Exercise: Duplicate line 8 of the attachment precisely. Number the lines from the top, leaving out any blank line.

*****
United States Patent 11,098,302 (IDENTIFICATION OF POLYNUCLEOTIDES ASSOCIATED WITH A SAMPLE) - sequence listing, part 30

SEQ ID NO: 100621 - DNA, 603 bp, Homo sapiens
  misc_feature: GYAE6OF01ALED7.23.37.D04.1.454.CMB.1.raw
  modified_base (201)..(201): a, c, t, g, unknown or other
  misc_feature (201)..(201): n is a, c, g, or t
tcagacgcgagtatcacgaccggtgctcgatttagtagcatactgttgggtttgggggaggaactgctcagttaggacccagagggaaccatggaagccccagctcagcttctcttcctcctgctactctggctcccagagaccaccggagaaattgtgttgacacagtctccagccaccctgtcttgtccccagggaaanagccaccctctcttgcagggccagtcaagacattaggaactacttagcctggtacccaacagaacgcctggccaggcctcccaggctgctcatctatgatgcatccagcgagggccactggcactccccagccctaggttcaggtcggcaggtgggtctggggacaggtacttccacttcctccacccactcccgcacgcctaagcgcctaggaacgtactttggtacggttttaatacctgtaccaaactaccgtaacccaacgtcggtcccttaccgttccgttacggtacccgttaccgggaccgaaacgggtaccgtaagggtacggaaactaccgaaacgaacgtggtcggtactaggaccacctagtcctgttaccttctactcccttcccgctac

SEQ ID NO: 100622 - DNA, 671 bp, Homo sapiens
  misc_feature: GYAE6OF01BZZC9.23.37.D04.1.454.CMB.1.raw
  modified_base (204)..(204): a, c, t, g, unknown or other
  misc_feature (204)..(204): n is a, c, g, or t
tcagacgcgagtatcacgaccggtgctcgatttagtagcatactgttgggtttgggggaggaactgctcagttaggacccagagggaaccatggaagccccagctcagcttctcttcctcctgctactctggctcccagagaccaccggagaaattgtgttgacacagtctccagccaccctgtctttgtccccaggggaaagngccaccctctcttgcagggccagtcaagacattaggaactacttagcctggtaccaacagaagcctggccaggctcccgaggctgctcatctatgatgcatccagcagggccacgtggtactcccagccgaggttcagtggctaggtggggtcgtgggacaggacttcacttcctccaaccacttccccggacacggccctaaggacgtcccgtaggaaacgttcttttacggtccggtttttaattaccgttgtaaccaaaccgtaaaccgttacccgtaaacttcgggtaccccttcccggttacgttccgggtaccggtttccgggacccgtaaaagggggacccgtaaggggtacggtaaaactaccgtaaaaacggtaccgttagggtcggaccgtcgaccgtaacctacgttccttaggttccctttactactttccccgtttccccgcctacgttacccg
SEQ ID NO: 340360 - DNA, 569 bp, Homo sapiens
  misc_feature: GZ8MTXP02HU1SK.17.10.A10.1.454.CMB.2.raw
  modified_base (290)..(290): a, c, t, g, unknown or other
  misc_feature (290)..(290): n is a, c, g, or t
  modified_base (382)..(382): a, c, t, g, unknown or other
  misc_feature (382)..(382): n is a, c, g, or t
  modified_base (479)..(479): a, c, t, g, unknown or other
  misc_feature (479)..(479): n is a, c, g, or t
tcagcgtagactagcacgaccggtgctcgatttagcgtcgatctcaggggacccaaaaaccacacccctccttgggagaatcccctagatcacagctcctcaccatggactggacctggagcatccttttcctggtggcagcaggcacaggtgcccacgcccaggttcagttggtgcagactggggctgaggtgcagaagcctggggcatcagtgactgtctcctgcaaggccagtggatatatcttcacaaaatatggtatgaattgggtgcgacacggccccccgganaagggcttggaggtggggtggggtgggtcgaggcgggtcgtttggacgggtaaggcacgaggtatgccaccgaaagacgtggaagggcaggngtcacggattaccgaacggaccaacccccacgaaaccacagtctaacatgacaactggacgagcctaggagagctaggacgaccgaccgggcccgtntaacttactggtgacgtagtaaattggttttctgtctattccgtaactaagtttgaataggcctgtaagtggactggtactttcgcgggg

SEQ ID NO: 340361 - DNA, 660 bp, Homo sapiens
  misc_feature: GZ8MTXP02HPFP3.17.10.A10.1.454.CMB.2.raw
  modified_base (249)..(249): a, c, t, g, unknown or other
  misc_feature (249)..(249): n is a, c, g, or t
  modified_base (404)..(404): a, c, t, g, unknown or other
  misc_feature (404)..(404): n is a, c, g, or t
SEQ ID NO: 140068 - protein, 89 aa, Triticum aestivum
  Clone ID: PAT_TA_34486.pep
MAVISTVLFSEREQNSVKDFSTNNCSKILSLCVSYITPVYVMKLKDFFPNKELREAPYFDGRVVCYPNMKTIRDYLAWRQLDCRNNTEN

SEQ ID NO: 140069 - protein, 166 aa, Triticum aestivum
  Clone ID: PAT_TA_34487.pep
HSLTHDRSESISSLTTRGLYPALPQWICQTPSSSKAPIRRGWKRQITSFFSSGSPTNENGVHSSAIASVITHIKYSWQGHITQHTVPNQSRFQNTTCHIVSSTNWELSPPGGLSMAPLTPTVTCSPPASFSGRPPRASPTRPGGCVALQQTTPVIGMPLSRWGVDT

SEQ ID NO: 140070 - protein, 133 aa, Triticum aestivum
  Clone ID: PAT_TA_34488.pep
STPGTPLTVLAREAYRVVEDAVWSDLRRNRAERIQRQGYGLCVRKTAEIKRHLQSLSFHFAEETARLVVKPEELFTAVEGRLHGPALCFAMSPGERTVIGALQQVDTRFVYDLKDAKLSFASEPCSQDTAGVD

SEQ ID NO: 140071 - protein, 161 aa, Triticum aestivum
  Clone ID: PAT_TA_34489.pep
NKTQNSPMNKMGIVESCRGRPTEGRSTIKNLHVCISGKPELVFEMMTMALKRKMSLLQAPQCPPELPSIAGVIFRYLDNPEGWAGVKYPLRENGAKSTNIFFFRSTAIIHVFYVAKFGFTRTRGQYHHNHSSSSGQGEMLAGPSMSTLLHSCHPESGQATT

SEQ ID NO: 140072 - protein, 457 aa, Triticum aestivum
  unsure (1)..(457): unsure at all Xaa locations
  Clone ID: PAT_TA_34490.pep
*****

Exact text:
  misc_feature: GYAE6OF01BZZC9.23.37.D04.1.454.CMB.1.raw